Tooele Transcript Bulletin – News in Tooele, Utah

May 24, 2022
In 1997, Tooele wins state softball title; Grantsville state baseball crown

The Tooele Transcript Bulletin has published Tooele County news since 1894. Here is a flashback of local front-page news from 25, 50, 75 and 100 years ago that occurred during the fourth week of May.

May 27-29, 1997

Tooele High soccer and Grantsville High baseball both claimed state championships on Friday, May 23.

Tooele upended Sky View 2-1 in overtime Thursday and blanked Ben Lomond 2-0 Friday to seize the 4A State Soccer championship at Woods Cross. The soccer crown was the first ever for the THS program.

Meanwhile, earlier in the afternoon, Grantsville avenged two losses to region rival Juab with a convincing 8-2 victory over the Wasps to claim the 2A State Baseball crown at Brigham Young University.

Later in the week, Louis A. Killpack announced he was retiring after 34 years of educating Tooele’s children. He served 23 years as Tooele Junior High principal.

Killpack said he would like to be remembered as a person who put people first. “I’ve always felt people were more important than deadlines or projects,” Killpack said.

“You do not lose anything if you invest your time and your money into a child,” Killpack said.

May 23-26, 1972

A crowd estimated at 6,500 visited Tooele Army Depot Friday as the depot observed its 30th birthday. And during the time this throng visited the depot it was treated to a variety of events ranging from parachute jumping, aircraft flyovers, to traditional cake cutting.

After watching in awe as nearly a dozen parachutists leaped from a helicopter, the big crowd thrilled to the marching music of the Tooele High Band, and marveled at the intricate drills of Tooele’s drill team, The Sha-Ronns.

Later in the week, Major Sam Paris M.D., assigned to the Dugway Proving Ground, ran 83 miles from Ft. Douglas in Salt Lake City to Dugway in only 11 hours as part of Dugway Days activities.

After an early morning start on Thursday, May 18, the only stop the 34-year-old Army doctor made was at the Tooele Army Depot, approximately the halfway mark, where he rested overnight.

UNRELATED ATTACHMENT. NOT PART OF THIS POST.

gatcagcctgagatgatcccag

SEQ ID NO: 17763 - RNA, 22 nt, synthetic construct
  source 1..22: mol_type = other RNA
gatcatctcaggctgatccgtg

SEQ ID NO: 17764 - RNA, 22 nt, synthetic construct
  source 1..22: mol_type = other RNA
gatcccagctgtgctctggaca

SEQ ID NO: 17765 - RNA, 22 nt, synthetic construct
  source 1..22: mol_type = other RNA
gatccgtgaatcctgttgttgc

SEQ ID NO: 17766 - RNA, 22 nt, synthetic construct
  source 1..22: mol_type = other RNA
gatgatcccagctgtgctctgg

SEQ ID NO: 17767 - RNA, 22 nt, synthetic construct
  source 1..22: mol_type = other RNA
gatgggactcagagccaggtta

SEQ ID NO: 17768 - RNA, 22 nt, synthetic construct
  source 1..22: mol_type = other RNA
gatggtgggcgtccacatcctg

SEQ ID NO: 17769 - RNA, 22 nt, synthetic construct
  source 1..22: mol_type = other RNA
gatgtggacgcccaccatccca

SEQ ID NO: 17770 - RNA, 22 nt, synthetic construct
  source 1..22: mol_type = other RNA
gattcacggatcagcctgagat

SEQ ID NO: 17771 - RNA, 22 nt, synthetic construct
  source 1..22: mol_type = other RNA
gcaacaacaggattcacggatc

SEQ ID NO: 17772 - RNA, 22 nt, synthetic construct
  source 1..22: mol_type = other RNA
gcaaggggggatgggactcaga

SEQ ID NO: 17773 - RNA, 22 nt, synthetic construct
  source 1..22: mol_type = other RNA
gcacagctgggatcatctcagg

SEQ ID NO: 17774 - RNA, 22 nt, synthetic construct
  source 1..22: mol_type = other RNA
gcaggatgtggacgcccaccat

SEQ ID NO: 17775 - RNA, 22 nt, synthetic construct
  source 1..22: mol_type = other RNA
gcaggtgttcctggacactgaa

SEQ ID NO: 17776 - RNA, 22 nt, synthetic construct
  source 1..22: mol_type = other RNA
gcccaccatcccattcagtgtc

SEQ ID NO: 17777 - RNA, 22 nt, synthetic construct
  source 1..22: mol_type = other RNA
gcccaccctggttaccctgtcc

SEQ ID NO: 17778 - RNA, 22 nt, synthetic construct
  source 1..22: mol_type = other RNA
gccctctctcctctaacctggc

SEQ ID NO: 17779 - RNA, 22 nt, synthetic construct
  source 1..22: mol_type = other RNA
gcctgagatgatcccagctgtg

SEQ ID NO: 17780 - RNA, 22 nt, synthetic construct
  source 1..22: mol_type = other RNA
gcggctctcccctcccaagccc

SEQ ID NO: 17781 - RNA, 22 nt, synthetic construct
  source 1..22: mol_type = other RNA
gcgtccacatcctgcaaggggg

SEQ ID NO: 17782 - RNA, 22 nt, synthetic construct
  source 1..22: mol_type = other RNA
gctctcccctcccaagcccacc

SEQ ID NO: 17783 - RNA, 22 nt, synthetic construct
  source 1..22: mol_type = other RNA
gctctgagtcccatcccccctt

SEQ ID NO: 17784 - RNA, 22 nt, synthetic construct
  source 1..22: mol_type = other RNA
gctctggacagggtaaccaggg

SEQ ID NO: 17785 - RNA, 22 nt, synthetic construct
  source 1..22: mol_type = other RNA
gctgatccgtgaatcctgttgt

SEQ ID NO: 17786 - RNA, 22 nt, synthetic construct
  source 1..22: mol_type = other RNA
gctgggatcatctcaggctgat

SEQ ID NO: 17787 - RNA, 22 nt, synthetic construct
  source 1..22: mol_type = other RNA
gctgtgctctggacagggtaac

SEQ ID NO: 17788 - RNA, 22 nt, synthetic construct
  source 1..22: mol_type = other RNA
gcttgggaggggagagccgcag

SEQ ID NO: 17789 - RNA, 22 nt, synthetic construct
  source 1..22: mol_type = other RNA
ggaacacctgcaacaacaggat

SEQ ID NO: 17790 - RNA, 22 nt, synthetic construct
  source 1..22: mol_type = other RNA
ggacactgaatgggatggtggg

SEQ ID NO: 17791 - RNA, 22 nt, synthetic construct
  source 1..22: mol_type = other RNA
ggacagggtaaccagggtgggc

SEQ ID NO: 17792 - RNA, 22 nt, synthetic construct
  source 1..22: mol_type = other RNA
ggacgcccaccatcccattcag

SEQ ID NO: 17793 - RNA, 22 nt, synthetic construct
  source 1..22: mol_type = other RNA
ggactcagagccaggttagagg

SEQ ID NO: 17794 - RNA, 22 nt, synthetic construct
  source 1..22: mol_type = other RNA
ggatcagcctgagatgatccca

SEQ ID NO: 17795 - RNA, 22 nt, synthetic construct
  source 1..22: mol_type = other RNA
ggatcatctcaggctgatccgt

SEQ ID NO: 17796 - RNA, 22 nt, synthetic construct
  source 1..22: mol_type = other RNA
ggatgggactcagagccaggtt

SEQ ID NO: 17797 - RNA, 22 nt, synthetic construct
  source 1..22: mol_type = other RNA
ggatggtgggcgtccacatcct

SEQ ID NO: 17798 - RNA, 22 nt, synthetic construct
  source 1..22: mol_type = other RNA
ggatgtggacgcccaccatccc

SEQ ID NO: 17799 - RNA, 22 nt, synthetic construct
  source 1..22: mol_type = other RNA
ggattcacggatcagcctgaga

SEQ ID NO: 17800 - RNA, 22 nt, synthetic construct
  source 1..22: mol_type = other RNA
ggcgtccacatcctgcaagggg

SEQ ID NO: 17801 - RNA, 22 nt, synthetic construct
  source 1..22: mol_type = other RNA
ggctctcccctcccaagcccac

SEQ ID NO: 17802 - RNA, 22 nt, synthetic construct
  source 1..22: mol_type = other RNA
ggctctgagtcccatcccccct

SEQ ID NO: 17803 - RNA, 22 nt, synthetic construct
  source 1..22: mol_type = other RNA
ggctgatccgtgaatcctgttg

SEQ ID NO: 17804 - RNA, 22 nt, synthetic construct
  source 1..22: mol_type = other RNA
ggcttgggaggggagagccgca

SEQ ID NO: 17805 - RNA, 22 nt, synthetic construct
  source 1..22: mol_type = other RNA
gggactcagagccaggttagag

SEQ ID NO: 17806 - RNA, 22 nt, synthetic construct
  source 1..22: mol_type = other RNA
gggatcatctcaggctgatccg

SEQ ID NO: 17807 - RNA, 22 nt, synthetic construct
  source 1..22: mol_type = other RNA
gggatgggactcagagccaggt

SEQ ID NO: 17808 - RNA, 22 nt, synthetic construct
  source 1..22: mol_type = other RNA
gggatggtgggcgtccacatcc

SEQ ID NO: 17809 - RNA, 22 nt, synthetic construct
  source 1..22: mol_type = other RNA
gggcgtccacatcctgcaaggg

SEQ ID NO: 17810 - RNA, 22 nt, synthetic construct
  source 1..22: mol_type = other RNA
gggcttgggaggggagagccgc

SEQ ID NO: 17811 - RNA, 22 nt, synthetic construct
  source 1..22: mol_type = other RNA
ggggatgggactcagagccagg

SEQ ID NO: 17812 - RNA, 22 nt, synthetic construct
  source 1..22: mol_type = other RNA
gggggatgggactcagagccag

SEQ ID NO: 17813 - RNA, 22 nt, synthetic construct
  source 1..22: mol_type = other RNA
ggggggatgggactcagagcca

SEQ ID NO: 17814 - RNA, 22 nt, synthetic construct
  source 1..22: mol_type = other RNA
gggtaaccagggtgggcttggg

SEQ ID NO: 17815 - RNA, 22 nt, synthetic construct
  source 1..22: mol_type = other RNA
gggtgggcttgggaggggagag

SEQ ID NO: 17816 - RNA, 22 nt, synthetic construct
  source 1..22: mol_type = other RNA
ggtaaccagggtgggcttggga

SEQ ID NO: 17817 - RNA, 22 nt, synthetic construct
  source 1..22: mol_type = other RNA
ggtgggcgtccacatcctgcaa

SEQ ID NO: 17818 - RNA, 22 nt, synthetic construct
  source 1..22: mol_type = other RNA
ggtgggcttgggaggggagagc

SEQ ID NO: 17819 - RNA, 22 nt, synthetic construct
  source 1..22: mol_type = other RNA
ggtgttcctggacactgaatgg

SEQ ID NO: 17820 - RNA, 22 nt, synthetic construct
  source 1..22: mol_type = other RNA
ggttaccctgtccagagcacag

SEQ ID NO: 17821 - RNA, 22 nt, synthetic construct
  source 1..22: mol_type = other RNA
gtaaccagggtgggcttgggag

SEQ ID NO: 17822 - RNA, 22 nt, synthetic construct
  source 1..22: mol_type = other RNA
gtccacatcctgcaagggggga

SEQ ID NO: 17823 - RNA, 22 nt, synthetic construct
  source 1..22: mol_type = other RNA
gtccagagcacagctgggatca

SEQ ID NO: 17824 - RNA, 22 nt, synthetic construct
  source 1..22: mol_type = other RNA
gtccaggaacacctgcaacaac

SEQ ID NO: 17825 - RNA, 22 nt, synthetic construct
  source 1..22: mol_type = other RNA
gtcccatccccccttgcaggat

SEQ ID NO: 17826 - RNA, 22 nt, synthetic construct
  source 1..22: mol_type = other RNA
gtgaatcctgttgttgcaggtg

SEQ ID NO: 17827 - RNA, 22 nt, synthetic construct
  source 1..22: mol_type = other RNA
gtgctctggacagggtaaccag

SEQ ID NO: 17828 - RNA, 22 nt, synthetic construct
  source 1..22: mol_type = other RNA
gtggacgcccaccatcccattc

He kept up the pace of 10 mph and arrived at the post gym at Dugway in good health at noon Friday.

May 27-30, 1947

This issue of the Transcript-Bulletin marked its 53rd birthday, with 3,430 continuous publications having been printed since its founding in 1894.

Starting as a handset weekly with a one-page hand turned army press, The Transcript-Bulletin now ranked as second to none in the intermountain west in up to the minute printing equipment.

Two Intertypes and two automatic presses, second to none in the publishing business, head the list of choice equipment.

Later in the week, rumors which had been flying freely for the past several weeks that the International Smelting & Refining Company plant at Tooele planned a wide expansion was spiked today by Smelter officials.

Declaring the rumors to be without foundation, Carlos Bardwell, general superintendent, said that there were no plans for expansion and the wild rumors afloat are groundless.

It is unfair to the citizens of this community, said Mr. Bardwell, to be fed these rumors when they are are entirely untrue.

May 26, 2022

The smelter showed its first signs of life when smoke poured out of the big smoke stack as the result of the boilers being fired, preparatory to the starting of the power plant. 

On June 1, a fire will be built in the first reverberatory furnace, and by June 10 or 12, the furnace will start to take charge. This will be followed by the opening of the converter plant.

As for the lead plant, word was given out that between the 20th and the last of June operation would begin in that quarter.

Sports Editor Mark Watson compiled this report.


Mark Watson

Sports Editor at Tooele Transcript Bulletin
Mark directs all editorial coverage of sports in addition to reporting on a wide range of events from high school football to international racing. He has a wealth of journalism experience, having worked for four other newspapers in the state. Mark grew up in Tooele County and graduated from Grantsville High School and Brigham Young University.

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